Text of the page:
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Like most travelers in Burma, Norman Lewis fell in love with the land and its people. Although much of the countryside was under the control of insurgent armies—the book was originally published in 1952—he managed, by steamboat, decrepit lorry, and dacoit-besieged train, to travel almost everywhere he wanted. This perseverance enabled him to see brilliant spectacles that are still out of our reach, and to meet all types of Burmese, from District officers to the inmates of Rangoon's jail. All the color, gaiety, and charm of the East spring to life with this master storyteller.
Despite communist incursions and tribal insurrection, Norman Lewis describes a land of breath-taking natural beauty peopled by the gentle Burmese. This is a country where Buddhist beliefs spare even the rats, where the Director of Prisons quotes Chaucer and where three-day theatrical shows are staged to celebrate a monk taking orders. Hitching lifts with the army and with travelling merchants, Lewis is treated to hospitality wherever he stops in this war-torn land, and reveals a country where 'the condition of the soul replaces that of the stock markets as a topic for polite conversation'.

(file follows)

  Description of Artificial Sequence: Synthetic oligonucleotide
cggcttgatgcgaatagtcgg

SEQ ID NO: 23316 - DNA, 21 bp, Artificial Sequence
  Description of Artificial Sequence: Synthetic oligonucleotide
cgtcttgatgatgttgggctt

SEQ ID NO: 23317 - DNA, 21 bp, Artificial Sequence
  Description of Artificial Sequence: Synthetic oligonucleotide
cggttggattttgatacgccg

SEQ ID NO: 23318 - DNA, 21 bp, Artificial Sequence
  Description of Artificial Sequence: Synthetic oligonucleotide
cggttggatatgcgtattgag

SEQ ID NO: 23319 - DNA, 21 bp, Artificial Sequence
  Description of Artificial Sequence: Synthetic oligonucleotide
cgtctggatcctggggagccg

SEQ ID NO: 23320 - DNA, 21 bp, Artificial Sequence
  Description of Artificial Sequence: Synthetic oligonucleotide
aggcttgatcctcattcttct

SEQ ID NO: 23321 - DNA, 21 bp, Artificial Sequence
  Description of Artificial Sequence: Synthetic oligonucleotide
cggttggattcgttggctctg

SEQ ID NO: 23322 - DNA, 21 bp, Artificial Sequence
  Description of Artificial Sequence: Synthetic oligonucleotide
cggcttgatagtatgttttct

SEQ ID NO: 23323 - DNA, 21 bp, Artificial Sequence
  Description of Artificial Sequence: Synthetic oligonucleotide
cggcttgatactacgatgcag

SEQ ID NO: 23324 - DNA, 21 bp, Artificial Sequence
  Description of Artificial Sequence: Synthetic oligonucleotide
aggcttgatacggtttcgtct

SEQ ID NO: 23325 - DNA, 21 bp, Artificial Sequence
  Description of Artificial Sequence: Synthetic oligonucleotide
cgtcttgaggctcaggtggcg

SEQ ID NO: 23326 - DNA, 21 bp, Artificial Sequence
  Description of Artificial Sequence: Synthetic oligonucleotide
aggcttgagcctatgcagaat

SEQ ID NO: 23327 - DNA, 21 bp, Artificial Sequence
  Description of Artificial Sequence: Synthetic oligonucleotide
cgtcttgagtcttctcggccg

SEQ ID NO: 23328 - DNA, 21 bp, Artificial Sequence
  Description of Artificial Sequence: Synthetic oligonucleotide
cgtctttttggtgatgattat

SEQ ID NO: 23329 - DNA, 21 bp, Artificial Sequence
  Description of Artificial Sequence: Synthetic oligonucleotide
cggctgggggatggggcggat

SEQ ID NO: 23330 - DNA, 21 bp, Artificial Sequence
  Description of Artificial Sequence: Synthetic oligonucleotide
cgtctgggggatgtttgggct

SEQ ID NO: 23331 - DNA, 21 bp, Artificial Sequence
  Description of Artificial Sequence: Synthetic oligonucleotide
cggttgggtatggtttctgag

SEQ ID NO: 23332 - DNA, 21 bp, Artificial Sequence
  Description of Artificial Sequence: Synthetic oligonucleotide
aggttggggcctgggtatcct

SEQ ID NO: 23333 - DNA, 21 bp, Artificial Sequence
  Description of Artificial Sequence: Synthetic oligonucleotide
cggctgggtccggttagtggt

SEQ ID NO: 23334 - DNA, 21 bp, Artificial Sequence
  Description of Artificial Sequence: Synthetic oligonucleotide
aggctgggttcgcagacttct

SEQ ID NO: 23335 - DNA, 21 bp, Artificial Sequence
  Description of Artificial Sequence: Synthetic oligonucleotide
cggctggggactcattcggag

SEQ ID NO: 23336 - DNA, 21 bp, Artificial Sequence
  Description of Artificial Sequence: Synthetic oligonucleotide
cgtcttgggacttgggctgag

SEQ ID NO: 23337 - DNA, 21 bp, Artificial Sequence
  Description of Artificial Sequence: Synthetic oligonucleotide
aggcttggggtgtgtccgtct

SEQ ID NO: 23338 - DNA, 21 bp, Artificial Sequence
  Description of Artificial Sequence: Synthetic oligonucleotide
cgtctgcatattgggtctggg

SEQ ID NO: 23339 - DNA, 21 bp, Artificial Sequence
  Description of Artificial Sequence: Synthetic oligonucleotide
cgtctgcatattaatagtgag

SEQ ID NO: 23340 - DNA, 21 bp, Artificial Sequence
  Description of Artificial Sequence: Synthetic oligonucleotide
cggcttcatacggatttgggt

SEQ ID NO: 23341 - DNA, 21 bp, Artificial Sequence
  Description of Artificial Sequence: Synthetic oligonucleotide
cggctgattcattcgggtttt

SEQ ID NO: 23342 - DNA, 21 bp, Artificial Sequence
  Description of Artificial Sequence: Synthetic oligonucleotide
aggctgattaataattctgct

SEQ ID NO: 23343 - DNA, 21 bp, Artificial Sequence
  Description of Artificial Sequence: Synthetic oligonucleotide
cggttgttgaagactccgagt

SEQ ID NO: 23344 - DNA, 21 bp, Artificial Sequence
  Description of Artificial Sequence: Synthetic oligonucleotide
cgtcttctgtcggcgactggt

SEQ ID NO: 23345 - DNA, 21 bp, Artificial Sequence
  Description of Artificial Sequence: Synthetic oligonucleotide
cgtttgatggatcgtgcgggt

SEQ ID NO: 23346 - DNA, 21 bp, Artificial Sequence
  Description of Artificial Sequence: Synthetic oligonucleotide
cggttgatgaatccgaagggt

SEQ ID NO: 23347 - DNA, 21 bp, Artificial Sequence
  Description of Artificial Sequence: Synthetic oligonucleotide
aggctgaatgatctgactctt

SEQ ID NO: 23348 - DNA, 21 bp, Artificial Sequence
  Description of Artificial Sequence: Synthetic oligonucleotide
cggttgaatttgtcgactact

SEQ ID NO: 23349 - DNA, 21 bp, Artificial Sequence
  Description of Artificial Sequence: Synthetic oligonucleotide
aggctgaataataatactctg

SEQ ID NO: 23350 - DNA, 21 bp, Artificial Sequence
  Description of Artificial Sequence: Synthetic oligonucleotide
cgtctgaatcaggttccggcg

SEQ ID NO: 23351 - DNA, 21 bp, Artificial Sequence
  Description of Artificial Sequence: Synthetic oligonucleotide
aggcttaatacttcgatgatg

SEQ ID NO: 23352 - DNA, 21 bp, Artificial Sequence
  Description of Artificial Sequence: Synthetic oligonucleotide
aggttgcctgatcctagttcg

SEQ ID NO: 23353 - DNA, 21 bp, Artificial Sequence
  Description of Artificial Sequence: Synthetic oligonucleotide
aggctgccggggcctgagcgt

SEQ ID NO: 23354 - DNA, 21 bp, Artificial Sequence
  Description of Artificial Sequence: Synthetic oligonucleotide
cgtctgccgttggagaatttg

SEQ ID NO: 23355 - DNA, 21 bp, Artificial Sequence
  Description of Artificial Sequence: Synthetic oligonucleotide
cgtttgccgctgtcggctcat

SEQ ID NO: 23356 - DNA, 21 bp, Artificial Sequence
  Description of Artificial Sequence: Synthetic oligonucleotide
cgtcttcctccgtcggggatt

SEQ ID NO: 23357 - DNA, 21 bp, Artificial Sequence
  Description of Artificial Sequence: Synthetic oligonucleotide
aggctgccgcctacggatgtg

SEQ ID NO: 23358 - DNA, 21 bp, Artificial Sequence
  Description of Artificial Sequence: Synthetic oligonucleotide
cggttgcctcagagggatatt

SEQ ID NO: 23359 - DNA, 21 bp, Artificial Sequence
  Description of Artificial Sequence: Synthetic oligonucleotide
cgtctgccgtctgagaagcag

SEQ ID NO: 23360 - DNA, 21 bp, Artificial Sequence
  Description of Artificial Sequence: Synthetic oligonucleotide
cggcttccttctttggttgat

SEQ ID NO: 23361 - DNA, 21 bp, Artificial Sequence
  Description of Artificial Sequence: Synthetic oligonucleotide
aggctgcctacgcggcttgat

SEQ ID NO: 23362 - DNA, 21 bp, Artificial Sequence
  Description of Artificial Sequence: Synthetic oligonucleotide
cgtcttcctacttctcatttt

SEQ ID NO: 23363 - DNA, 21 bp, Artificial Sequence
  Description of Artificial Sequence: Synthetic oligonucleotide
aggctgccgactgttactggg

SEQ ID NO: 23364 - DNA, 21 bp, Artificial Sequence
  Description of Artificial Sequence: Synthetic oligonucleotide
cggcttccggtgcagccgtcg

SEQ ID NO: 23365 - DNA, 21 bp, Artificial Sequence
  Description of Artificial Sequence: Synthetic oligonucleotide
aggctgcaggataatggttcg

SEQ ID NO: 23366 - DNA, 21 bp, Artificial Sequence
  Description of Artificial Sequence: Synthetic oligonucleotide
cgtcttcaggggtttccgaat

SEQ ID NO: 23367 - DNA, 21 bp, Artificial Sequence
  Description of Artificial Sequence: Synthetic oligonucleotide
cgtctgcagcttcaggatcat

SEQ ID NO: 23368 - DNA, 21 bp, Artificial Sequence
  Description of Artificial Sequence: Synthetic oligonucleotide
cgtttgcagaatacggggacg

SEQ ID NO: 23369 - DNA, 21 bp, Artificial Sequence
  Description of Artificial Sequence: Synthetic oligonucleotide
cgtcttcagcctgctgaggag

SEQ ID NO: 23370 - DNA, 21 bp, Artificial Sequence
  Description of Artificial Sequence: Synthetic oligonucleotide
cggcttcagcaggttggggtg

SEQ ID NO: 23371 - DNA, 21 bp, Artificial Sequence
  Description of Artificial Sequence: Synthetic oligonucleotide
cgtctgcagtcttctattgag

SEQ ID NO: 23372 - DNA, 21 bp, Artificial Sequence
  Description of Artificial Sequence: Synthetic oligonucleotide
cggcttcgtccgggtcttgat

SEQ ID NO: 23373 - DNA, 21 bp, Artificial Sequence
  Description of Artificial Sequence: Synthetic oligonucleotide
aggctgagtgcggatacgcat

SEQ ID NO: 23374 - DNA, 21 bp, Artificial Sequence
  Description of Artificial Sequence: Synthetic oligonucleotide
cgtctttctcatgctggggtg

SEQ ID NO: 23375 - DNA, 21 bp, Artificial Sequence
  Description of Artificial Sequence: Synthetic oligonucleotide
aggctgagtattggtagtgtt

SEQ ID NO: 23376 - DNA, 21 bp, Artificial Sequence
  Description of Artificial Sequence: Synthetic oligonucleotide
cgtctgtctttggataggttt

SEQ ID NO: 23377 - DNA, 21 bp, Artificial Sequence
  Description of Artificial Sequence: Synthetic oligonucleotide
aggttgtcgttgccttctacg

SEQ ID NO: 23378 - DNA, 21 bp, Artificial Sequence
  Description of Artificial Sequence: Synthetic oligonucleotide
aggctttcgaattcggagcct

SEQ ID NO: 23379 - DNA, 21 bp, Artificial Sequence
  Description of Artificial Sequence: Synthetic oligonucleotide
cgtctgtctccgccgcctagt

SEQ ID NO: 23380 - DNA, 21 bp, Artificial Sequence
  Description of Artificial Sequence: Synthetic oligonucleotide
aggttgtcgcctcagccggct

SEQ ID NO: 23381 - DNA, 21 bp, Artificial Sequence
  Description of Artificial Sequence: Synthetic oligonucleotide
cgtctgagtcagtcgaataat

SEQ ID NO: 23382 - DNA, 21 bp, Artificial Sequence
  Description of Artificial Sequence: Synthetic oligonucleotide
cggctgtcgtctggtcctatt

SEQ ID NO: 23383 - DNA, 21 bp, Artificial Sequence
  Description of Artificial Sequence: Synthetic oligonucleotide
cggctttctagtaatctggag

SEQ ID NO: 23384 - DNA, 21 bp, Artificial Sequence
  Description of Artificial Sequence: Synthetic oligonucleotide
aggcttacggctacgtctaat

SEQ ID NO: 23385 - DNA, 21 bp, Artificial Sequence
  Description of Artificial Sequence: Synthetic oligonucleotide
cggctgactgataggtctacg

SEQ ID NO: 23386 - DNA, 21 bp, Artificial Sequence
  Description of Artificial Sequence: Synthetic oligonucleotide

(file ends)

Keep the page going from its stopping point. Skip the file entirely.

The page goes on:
Norman Lewis is England's finest, living travel writer. He has written a dozen travel books, including such masterpieces as Naples'44, The Honoured Society and A Dragon Apparent. He has also written thirteen novels. Lewis regards his life's major achievement to be the reaction to an article written by him entitled Genocide in Brazil, published in 1968. This led to a change in Brazilian law relating to the treatment of Indians, and to the formation of Survival International, which campaigns for the rights of indigenous peoples.
"A wonderfully vivid book" Daily Telegraph
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